Here's the journal entry for my quiet time with God this morning.
Look: “It was I who taught Ephraim to walk, taking them by the arms; but they did not realize it was I who healed them.” (Hosea 11:3)
Eight-centuries before Jesus’ birth, the prophet Hosea was used by God to call God’s people to repentance and faith. If they refused to respond to God’s grace, their faithlessness, idolatry, and injustice would catch up with them; they would be overrun by powerful enemies and be sent into exile. Ephraim was the largest of the tribes of Israel and was sometimes used, as here, to describe all of God’s people, the entire nation.
God uses different metaphors to describe His relationship with His people. Sometimes, God is portrayed as husband to a faithless wife. Here, God is the nurturing father who raised His people from infancy, who now in their adolescence, have spurned God. They’ve forgotten their father, even if they sometimes still invoke His name (Hosea 11:7). They’ve forgotten that it was He Who taught them to walk, Who brushed them off and cleaned their skinned egos and hearts when they stumbled.
Listen: How easily we forget God when everything is going well. There may be no atheists in foxholes, when adversity and pain target us. We often are prayerful and pious in our desperation. But when things “smooth out,” we forget about the One Who steadied us and set us on the paths to healings of all kinds. We forget about the One in Whom “we live and move and have our being” (Acts 17:28).
But if we disconnect from the God Who, in Jesus Christ, gives us “life...to the full” (John 10:10), we walk away from life. We walk into death Arrogance and the myth of self-sufficiency sets in. “My people are determined to turn from me,” God says of His people in Hosea 11:7. Then, when hard times come or times when we face the consequences of our idolatry and hard-heartedness, as they do inevitably come in our fallen world, we blame God for not taking care of us. Or we disavow His existence.
But this verse speaks of God’s tender feelings for His people, the same tender feelings that Jesus says God has for all the people of the world (John 3:16). He wants a relationship with us. He doesn’t want us to remain perpetually infants. God wants us to grow in our relationship with Him, in our faith. It’s we who choose either to walk away from God or to remain spiritual infants. God wants to have a grown-up relationship with Him, one in which He empowers us to live in the freedom from sin, death, and idolatry that is our childish default mode, in the freedom He gives to us to love Him and to love all of our neighbors.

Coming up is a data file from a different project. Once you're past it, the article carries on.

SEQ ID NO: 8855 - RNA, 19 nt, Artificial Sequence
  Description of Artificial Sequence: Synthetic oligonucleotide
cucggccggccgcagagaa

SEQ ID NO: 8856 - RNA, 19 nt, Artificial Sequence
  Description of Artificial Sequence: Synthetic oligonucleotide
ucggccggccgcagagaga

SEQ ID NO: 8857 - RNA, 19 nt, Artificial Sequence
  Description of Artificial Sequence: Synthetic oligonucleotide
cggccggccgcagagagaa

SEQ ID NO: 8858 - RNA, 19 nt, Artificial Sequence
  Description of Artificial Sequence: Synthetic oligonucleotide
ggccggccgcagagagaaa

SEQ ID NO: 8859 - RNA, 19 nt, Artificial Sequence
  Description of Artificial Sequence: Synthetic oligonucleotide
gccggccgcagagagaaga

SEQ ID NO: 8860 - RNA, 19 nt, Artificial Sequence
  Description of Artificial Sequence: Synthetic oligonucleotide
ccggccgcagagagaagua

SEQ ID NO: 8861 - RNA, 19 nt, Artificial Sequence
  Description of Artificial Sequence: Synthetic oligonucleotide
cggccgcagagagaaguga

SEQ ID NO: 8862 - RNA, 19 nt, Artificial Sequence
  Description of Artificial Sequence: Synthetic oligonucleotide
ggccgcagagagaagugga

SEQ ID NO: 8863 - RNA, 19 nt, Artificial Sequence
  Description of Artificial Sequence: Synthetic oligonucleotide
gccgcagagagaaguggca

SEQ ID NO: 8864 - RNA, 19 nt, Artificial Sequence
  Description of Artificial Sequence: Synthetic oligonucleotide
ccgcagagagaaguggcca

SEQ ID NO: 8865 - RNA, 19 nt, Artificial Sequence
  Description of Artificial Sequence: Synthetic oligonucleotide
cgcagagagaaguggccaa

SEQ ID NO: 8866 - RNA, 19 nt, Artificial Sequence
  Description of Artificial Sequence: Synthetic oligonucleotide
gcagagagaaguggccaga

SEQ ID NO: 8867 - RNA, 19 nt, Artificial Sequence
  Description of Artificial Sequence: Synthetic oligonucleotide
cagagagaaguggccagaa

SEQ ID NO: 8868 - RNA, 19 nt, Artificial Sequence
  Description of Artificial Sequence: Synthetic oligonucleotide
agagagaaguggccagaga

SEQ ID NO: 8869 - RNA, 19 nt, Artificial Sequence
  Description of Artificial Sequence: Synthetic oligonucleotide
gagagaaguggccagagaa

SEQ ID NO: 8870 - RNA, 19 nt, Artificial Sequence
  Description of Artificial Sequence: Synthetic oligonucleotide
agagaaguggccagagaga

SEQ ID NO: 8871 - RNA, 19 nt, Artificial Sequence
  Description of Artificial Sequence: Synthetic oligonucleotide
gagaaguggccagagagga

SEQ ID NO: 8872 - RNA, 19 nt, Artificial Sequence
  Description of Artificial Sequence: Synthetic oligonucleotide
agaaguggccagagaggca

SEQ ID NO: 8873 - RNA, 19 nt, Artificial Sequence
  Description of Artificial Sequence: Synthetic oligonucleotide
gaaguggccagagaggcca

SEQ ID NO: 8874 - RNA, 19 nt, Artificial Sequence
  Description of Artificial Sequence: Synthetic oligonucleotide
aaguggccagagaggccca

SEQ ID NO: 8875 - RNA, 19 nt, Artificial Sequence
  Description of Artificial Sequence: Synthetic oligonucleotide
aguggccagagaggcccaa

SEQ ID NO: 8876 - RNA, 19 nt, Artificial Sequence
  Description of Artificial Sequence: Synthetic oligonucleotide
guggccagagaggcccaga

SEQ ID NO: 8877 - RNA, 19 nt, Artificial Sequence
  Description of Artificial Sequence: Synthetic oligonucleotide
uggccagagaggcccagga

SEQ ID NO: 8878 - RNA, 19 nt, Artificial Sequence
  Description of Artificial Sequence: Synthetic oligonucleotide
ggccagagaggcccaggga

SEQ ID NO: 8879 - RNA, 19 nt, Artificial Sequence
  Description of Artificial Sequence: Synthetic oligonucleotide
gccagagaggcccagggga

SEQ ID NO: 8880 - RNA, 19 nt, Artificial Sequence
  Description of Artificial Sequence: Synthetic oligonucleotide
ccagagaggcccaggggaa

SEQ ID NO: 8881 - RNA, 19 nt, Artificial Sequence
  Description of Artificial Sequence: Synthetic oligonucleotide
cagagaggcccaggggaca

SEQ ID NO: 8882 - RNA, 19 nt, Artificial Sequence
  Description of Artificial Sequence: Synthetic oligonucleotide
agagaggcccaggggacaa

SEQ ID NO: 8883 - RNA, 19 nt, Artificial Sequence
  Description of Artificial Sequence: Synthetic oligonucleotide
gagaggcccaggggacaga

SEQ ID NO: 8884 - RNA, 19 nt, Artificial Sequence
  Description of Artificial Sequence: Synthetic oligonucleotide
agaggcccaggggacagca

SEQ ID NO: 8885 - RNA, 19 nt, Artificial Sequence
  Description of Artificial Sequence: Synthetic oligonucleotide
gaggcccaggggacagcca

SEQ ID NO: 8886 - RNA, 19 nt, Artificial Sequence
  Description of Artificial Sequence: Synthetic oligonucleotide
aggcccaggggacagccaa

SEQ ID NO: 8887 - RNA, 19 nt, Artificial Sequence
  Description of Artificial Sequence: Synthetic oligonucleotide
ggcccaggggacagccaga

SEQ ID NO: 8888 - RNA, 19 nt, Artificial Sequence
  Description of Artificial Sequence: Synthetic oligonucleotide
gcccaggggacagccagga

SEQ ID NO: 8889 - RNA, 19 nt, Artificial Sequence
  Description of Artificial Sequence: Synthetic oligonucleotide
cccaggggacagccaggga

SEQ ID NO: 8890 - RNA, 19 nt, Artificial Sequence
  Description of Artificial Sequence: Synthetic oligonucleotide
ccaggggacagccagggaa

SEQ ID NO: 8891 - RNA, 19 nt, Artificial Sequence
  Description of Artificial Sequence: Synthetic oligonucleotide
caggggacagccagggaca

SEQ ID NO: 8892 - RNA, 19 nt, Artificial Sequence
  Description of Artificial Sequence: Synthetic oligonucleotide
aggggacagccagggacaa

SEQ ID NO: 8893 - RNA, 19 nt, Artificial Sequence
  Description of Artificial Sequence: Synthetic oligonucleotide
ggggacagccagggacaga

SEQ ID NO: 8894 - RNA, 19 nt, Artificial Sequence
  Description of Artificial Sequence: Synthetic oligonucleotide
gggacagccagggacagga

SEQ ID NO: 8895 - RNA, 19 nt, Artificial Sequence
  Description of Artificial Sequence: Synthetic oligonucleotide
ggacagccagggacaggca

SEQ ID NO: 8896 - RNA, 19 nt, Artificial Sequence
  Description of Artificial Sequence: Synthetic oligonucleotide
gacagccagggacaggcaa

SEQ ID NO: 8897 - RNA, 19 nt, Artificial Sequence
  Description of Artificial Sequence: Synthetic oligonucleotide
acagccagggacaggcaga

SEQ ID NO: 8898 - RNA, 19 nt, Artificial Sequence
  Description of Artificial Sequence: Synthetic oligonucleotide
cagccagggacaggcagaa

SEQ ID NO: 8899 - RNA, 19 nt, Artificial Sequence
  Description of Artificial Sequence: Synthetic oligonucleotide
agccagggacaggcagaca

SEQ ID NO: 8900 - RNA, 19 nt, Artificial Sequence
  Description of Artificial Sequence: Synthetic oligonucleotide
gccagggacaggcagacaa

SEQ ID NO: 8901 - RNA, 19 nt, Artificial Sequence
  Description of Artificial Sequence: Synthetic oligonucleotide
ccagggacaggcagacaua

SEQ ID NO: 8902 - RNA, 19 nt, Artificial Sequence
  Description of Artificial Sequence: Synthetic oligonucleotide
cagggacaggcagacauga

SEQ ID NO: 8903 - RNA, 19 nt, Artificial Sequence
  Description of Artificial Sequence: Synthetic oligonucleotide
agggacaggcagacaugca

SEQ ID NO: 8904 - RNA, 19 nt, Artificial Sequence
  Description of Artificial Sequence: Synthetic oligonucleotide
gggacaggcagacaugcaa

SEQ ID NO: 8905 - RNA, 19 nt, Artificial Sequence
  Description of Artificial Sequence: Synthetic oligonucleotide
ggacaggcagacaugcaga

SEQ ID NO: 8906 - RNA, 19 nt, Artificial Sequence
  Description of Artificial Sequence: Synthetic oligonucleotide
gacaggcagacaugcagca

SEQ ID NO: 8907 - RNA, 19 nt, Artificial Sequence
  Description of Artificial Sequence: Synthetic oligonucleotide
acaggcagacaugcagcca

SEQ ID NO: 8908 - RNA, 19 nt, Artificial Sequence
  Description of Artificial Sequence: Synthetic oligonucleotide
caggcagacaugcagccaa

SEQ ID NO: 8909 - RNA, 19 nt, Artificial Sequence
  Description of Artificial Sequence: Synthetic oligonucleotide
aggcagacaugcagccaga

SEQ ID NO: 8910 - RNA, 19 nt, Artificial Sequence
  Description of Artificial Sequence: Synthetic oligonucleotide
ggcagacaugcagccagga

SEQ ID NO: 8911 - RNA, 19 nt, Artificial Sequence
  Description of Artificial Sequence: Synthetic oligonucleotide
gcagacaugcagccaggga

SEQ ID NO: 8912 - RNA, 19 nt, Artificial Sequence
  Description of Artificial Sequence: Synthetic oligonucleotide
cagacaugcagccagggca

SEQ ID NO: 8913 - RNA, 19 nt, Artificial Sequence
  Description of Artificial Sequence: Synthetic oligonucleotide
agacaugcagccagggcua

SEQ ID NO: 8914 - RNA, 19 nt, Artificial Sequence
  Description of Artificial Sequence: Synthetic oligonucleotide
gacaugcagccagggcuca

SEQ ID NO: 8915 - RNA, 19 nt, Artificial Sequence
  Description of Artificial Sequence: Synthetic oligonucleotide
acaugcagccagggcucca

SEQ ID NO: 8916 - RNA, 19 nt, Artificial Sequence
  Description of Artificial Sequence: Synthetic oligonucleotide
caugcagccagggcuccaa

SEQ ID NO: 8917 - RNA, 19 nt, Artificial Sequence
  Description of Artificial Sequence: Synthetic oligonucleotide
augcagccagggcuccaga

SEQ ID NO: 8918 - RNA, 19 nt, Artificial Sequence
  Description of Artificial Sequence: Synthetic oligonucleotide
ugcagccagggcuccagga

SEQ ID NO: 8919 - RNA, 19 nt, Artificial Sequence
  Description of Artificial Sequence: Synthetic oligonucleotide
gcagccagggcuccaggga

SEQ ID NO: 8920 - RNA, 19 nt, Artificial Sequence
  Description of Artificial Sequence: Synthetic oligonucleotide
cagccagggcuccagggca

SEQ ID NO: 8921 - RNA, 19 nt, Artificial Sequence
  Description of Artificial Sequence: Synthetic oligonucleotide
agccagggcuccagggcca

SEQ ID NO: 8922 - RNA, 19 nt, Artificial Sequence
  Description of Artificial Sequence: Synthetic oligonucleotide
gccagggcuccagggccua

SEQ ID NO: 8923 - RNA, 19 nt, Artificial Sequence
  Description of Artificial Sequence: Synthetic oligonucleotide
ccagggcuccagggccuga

To those who have been made God’s people through Jesus, Jesus says, “I no longer call you servants, because a servant does not know his master's business. Instead, I have called you friends, for everything that I learned from my Father I have made known to you.” (John 15:15)
I talk with my father almost every day. I honor him as my father. I respect him. But now that dad is 88 and I’m 64, our relationship is as much one between two old friends as it is as between father and son. We have many shared memories and interests. We strive to be good to each other. That’s a little bit like the relationship God wants to develop with believers saved through Jesus, I think. God is always God: our Creator Who is infinite, eternal, perfect in love, justice, and power. To honor and worship Him as our only God and King is to give Him His due. But the One Who gives me life also wants to be my Friend. He wants me to get over myself and place myself in His hands and at His disposal so that He can make me over into the adult child of my Father that I’m intended to be.
This process of renewal, which is called sanctification, is a gift of grace from God by which He makes us over in the image of Jesus...if we will only be with Him and let Him love us and change us and show us the way. This is the process that happens, the apostle Paul says, when we all “...who with unveiled faces contemplate the Lord's glory, are being transformed into his image with ever-increasing glory, which comes from the Lord, who is the Spirit.” (2 Corinthians 3:18)
God wants those to Whom He gives life and gives life again in Christ to grow into the men and women He meant for us to be when He first gave us life. He wants us to be able to say, along with Paul: “When I was a child, I talked like a child, I thought like a child, I reasoned like a child. When I became a man, I put the ways of childhood behind me.” (1 Corinthians 13:11)
Respond: Today, Lord, help me to grow up: to let go of my hubris and pretended self-sufficiency, to ignore the calls of this world’s false gods: security, acceptance by others, popularity, power, ease, comfort, stuff I don’t need, and a thousand other things I could mention. Help me to keep my eyes, my attentions and my intentions on Christ alone and so have my views of the world and my daily activities changed by the freedom only You give to believers to become all that You make us to be, all that Christ died and rose to set us free to be. In Jesus’ name. Amen
[I'm the pastor of Living Water Lutheran Church in Centerville, Ohio.]